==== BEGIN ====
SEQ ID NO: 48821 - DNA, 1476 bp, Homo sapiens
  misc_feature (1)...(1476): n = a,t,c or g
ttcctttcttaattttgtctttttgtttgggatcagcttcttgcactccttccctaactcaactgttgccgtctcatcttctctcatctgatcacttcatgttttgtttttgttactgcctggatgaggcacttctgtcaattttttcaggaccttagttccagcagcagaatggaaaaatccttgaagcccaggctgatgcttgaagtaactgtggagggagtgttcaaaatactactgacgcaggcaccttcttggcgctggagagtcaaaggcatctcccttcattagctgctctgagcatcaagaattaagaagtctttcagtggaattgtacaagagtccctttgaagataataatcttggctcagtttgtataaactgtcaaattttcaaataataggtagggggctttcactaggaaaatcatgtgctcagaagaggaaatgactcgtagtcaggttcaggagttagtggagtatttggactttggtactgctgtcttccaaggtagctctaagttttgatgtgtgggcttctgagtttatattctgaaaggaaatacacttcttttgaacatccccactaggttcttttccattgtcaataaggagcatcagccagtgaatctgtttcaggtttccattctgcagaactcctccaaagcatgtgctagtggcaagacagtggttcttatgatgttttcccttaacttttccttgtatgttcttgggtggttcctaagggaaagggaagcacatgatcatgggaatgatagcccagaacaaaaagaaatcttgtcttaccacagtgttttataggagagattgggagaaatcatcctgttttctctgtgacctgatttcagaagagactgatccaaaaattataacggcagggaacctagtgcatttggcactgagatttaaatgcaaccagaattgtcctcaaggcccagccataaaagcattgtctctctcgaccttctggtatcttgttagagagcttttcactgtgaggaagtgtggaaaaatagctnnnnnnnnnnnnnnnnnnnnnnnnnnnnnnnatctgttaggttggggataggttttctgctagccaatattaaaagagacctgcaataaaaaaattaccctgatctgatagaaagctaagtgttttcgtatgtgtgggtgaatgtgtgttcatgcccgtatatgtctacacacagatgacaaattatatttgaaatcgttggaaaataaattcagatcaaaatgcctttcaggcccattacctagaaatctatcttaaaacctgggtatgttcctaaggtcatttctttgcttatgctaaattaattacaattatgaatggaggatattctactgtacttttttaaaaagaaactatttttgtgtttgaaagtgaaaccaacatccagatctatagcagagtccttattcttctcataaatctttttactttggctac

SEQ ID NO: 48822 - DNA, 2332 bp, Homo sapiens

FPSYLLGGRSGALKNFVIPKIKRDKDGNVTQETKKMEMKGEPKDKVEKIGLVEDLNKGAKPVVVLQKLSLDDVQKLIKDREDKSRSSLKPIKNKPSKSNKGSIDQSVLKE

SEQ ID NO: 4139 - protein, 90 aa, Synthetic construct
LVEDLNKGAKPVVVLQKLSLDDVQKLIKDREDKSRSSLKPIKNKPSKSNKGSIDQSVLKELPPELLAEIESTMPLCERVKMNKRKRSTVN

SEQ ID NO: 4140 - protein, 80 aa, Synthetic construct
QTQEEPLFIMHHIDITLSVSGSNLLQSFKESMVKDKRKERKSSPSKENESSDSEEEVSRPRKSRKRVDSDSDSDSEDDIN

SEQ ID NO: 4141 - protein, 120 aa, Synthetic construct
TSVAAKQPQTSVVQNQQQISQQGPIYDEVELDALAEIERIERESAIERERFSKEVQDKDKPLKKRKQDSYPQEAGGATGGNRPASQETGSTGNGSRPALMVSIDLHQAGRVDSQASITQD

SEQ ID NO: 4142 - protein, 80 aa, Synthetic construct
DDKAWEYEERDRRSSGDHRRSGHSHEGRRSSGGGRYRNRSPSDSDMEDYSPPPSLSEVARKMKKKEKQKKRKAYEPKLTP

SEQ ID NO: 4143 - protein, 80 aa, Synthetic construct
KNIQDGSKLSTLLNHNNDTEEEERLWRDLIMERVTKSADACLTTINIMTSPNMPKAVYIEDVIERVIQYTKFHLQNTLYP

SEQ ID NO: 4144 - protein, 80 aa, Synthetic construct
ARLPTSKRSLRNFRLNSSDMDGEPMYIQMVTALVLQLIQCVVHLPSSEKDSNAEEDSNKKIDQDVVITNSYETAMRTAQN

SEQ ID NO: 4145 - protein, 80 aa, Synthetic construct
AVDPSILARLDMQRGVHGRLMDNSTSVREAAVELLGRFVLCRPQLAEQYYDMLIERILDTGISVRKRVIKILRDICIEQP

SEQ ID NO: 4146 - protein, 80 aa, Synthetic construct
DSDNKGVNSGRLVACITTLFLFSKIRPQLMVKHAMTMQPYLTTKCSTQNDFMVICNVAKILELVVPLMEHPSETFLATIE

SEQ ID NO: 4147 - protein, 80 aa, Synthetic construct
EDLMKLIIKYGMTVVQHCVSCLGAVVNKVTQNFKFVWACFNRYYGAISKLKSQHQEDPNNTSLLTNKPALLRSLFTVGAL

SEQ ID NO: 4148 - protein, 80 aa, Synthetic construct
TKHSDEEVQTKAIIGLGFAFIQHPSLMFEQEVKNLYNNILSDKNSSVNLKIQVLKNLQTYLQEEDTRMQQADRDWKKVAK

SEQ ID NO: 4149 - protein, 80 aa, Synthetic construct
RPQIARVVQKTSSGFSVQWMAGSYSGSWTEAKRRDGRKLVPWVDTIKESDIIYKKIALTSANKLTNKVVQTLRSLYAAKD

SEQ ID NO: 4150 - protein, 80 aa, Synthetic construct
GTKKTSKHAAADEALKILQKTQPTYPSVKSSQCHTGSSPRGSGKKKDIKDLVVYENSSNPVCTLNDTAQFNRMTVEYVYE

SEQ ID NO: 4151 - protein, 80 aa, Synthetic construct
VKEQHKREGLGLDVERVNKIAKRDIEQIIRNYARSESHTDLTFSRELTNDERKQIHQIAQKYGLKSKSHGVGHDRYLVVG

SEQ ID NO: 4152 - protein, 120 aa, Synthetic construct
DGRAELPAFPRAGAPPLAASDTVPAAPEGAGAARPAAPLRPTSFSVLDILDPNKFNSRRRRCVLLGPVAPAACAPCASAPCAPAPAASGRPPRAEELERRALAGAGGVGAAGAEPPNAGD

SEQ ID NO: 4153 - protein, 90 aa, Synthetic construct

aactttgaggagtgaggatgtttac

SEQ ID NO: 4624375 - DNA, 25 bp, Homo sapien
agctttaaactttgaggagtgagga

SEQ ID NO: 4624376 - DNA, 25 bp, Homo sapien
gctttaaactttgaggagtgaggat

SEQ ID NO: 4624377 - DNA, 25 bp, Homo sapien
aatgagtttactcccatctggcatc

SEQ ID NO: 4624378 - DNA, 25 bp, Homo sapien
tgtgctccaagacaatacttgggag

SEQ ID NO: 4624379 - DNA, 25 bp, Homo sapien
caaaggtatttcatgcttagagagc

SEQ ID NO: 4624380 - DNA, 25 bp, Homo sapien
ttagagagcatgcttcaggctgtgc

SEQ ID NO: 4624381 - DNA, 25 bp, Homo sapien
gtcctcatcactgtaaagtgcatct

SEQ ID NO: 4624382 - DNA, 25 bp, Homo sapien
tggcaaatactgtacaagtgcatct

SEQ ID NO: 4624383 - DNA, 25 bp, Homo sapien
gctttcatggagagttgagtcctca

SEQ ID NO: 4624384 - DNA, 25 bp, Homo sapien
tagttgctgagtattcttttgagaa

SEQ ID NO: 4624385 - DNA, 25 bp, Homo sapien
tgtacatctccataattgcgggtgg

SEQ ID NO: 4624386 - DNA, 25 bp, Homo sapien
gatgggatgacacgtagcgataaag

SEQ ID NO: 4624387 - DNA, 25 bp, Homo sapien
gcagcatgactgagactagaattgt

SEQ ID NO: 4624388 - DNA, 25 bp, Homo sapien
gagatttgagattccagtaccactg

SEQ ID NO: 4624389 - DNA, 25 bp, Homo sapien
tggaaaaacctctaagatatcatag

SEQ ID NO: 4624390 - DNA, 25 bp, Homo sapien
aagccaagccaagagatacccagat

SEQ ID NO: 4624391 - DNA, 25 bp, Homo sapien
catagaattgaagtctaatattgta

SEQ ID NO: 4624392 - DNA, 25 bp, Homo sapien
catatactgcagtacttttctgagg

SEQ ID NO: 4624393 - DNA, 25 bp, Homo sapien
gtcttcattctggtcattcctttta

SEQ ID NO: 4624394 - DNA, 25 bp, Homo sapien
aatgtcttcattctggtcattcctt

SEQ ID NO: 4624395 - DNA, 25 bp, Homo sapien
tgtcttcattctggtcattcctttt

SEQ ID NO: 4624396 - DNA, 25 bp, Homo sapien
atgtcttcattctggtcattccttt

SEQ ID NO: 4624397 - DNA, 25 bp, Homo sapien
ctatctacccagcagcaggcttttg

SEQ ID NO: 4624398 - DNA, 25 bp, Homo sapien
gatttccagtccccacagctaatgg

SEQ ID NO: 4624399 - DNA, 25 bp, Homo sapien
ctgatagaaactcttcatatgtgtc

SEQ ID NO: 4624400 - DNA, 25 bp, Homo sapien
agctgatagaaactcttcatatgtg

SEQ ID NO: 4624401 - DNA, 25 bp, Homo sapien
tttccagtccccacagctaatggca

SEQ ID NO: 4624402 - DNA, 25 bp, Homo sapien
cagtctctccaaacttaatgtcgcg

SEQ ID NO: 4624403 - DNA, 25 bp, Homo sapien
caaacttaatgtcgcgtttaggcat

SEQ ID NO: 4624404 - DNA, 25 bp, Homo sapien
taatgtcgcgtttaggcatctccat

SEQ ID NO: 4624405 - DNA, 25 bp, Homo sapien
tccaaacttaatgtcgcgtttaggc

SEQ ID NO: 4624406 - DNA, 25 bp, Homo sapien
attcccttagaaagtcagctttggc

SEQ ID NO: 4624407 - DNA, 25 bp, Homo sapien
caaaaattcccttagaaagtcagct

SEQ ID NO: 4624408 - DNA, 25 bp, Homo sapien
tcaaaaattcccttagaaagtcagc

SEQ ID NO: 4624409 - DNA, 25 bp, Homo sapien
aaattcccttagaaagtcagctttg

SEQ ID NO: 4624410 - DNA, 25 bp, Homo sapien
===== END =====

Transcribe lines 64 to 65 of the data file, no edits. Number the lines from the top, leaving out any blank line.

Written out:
SEQ ID NO: 4624389 - DNA, 25 bp, Homo sapien
tggaaaaacctctaagatatcatag